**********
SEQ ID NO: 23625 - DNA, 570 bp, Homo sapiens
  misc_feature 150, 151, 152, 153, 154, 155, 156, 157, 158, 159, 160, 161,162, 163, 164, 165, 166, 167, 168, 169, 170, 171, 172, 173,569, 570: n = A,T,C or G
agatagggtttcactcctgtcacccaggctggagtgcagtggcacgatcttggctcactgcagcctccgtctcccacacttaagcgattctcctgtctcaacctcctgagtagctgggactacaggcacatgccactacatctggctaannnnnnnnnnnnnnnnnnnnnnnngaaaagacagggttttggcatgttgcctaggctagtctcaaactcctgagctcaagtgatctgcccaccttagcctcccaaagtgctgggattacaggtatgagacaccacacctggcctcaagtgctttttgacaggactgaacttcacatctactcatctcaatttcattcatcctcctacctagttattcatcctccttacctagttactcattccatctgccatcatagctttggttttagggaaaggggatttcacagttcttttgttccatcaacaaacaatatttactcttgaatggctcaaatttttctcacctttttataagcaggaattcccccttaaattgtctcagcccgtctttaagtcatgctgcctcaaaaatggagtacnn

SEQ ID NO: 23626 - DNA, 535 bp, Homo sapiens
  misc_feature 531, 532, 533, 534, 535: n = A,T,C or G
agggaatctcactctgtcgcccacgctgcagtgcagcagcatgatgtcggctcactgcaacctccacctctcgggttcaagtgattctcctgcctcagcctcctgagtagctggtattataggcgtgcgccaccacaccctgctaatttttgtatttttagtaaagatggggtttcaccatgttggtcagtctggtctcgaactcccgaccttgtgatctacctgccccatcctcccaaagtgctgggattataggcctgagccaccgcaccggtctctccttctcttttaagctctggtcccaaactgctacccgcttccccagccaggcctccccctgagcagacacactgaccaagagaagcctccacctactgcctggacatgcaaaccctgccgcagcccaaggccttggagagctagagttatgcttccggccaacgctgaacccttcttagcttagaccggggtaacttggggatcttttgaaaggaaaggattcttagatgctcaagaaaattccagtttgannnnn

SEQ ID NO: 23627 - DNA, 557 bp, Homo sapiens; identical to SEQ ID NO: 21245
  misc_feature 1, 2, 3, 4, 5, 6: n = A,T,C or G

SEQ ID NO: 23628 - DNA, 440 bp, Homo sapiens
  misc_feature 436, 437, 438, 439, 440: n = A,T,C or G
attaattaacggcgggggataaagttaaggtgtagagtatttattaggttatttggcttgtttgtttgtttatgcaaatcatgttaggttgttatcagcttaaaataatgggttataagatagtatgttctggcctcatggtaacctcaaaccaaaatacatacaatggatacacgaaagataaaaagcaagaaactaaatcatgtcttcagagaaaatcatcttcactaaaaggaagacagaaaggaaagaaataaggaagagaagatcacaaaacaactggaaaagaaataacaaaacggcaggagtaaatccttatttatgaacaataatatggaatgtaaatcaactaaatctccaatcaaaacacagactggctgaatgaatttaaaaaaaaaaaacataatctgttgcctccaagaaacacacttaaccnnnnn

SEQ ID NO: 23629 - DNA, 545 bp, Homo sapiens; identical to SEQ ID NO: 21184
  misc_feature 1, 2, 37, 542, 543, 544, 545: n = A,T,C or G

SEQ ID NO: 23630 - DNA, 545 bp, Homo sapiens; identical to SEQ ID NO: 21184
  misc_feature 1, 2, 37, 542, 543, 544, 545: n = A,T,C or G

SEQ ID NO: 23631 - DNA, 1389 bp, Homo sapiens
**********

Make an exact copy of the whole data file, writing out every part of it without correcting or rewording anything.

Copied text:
SEQ ID NO: 23625 - DNA, 570 bp, Homo sapiens
  misc_feature 150, 151, 152, 153, 154, 155, 156, 157, 158, 159, 160, 161,162, 163, 164, 165, 166, 167, 168, 169, 170, 171, 172, 173,569, 570: n = A,T,C or G
agatagggtttcactcctgtcacccaggctggagtgcagtggcacgatcttggctcactgcagcctccgtctcccacacttaagcgattctcctgtctcaacctcctgagtagctgggactacaggcacatgccactacatctggctaannnnnnnnnnnnnnnnnnnnnnnngaaaagacagggttttggcatgttgcctaggctagtctcaaactcctgagctcaagtgatctgcccaccttagcctcccaaagtgctgggattacaggtatgagacaccacacctggcctcaagtgctttttgacaggactgaacttcacatctactcatctcaatttcattcatcctcctacctagttattcatcctccttacctagttactcattccatctgccatcatagctttggttttagggaaaggggatttcacagttcttttgttccatcaacaaacaatatttactcttgaatggctcaaatttttctcacctttttataagcaggaattcccccttaaattgtctcagcccgtctttaagtcatgctgcctcaaaaatggagtacnn

SEQ ID NO: 23626 - DNA, 535 bp, Homo sapiens
  misc_feature 531, 532, 533, 534, 535: n = A,T,C or G
agggaatctcactctgtcgcccacgctgcagtgcagcagcatgatgtcggctcactgcaacctccacctctcgggttcaagtgattctcctgcctcagcctcctgagtagctggtattataggcgtgcgccaccacaccctgctaatttttgtatttttagtaaagatggggtttcaccatgttggtcagtctggtctcgaactcccgaccttgtgatctacctgccccatcctcccaaagtgctgggattataggcctgagccaccgcaccggtctctccttctcttttaagctctggtcccaaactgctacccgcttccccagccaggcctccccctgagcagacacactgaccaagagaagcctccacctactgcctggacatgcaaaccctgccgcagcccaaggccttggagagctagagttatgcttccggccaacgctgaacccttcttagcttagaccggggtaacttggggatcttttgaaaggaaaggattcttagatgctcaagaaaattccagtttgannnnn

SEQ ID NO: 23627 - DNA, 557 bp, Homo sapiens; identical to SEQ ID NO: 21245
  misc_feature 1, 2, 3, 4, 5, 6: n = A,T,C or G

SEQ ID NO: 23628 - DNA, 440 bp, Homo sapiens
  misc_feature 436, 437, 438, 439, 440: n = A,T,C or G
attaattaacggcgggggataaagttaaggtgtagagtatttattaggttatttggcttgtttgtttgtttatgcaaatcatgttaggttgttatcagcttaaaataatgggttataagatagtatgttctggcctcatggtaacctcaaaccaaaatacatacaatggatacacgaaagataaaaagcaagaaactaaatcatgtcttcagagaaaatcatcttcactaaaaggaagacagaaaggaaagaaataaggaagagaagatcacaaaacaactggaaaagaaataacaaaacggcaggagtaaatccttatttatgaacaataatatggaatgtaaatcaactaaatctccaatcaaaacacagactggctgaatgaatttaaaaaaaaaaaacataatctgttgcctccaagaaacacacttaaccnnnnn

SEQ ID NO: 23629 - DNA, 545 bp, Homo sapiens; identical to SEQ ID NO: 21184
  misc_feature 1, 2, 37, 542, 543, 544, 545: n = A,T,C or G

SEQ ID NO: 23630 - DNA, 545 bp, Homo sapiens; identical to SEQ ID NO: 21184
  misc_feature 1, 2, 37, 542, 543, 544, 545: n = A,T,C or G

SEQ ID NO: 23631 - DNA, 1389 bp, Homo sapiens